Fuel Systems

Condensation, poor fuel supplies, poor fuel storage and bad housekeeping all play a significant part in diesel fuel contamination. To overcome this all diesel powered equipment will be fitted with some form of fuel filtration system. This will vary in complexity from a simple in-line filter to highly complex water separation and combined multi-filtration and fuel conditioning system.

Whatever type of system is fitted it will have a number of drawbacks. It will have a limited capacity that requires regular monitoring and servicing and also it has to treat the fuel after it has left the fuel tank. FuelActive® is unique by approaching fuel contamination at the most important point “The Fuel Tank”.

Traditional systems draw fuel from the bottom of the tank. Due to their higher density, the water and contaminants will collect at the bottom of the tank. During refuelling etc; the water and contaminants will become agitated and drawn into the fuel system; over a period of time the filters/water separators will become saturated and the equipment will breakdown or cause damage to the fuel system components, this will increase the emissions from the engine and cause a reduction in power.

The diesel fuel system contains the finest tolerances found in modern, low-emission diesel engines.

The modern diesel engine fuel system operates at a significantly higher pressure than previously. Common Rail systems can operate in the region of 2700bar (40,000 psi), the high pressure allows the fuel to be atomised more efficiently and the benefits are lower emissions and improvements in power.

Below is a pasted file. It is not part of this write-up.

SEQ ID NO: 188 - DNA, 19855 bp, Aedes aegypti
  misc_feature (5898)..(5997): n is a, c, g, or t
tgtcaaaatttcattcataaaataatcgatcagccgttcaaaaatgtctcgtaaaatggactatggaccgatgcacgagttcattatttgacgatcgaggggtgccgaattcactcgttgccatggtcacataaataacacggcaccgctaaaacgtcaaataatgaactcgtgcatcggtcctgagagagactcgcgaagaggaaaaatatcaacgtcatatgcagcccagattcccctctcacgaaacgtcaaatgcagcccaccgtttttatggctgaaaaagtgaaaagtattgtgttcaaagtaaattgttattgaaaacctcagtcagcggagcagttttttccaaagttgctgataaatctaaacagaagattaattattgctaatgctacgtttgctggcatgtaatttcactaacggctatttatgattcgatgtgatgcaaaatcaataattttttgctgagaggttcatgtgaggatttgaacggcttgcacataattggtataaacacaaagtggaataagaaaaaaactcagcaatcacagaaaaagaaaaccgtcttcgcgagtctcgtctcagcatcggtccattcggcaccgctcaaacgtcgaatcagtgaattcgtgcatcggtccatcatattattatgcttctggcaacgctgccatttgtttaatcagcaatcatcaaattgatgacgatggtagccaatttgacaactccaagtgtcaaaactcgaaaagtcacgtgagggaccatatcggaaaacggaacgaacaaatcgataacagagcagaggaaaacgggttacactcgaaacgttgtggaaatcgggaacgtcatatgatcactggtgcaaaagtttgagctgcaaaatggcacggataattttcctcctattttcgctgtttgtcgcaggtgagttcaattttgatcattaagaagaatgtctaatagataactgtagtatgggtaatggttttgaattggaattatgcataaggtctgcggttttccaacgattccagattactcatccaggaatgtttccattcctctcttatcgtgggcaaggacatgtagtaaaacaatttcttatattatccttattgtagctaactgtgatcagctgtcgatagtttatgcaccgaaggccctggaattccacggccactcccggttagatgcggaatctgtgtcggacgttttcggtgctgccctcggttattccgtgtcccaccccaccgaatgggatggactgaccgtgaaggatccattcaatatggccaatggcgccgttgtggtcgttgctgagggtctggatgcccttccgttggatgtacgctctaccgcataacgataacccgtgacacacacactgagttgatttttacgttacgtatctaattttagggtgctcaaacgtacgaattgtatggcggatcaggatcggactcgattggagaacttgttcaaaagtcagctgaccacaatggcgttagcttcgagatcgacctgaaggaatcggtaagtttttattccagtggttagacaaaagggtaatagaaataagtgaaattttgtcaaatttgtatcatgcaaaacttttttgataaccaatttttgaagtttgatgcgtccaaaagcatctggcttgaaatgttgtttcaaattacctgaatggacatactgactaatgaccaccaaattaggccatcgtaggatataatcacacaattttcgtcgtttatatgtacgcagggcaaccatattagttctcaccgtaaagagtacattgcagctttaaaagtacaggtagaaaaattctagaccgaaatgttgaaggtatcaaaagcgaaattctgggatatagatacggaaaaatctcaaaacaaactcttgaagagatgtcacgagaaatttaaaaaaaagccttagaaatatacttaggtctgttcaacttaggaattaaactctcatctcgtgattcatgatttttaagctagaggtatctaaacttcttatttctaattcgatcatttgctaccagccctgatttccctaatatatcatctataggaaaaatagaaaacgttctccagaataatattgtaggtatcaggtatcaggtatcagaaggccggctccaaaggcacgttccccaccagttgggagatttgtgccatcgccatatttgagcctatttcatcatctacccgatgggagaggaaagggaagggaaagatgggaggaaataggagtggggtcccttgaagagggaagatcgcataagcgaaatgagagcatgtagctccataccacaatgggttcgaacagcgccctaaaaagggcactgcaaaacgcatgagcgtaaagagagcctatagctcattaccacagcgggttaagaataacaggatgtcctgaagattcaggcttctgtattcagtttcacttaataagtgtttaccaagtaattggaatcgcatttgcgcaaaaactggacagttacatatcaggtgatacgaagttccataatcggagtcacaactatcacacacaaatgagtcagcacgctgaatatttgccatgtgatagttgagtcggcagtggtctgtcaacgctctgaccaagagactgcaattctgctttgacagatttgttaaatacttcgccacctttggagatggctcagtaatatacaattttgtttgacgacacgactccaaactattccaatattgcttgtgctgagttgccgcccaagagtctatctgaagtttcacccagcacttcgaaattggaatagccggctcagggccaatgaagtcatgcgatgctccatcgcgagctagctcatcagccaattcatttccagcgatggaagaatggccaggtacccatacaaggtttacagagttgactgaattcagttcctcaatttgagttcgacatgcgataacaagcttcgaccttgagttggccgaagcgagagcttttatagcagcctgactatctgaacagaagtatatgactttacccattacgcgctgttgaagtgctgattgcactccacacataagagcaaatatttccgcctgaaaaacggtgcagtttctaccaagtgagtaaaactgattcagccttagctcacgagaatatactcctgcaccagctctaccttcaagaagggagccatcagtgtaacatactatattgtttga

For the fuel pumps and injectors to operate and sustain their performance requires very clean fuel.


The Fuel Injector is designed to spray and atomise the diesel in a pre-determined pattern; this allows the diesel to burn correctly; this enables optimum power and keeps emissions to a minimum.

If the injector is damaged the diesel will not be atomised correctly, this can cause a number of problems: -

  • There will possibly be a breakdown of the equipment, resulting in expensive repairs and downtime
  • There will be an increase in the emissions because the fuel will not ‘burn’ completely; unburnt fuel will be passed through the exhaust into the environment as black smoke.
  • There will be a reduction in power because all the energy has not been utilised in the fuel.
  • There will also be an increase in Fuel Consumption; this is due to the engine working harder to achieve the same level of power.

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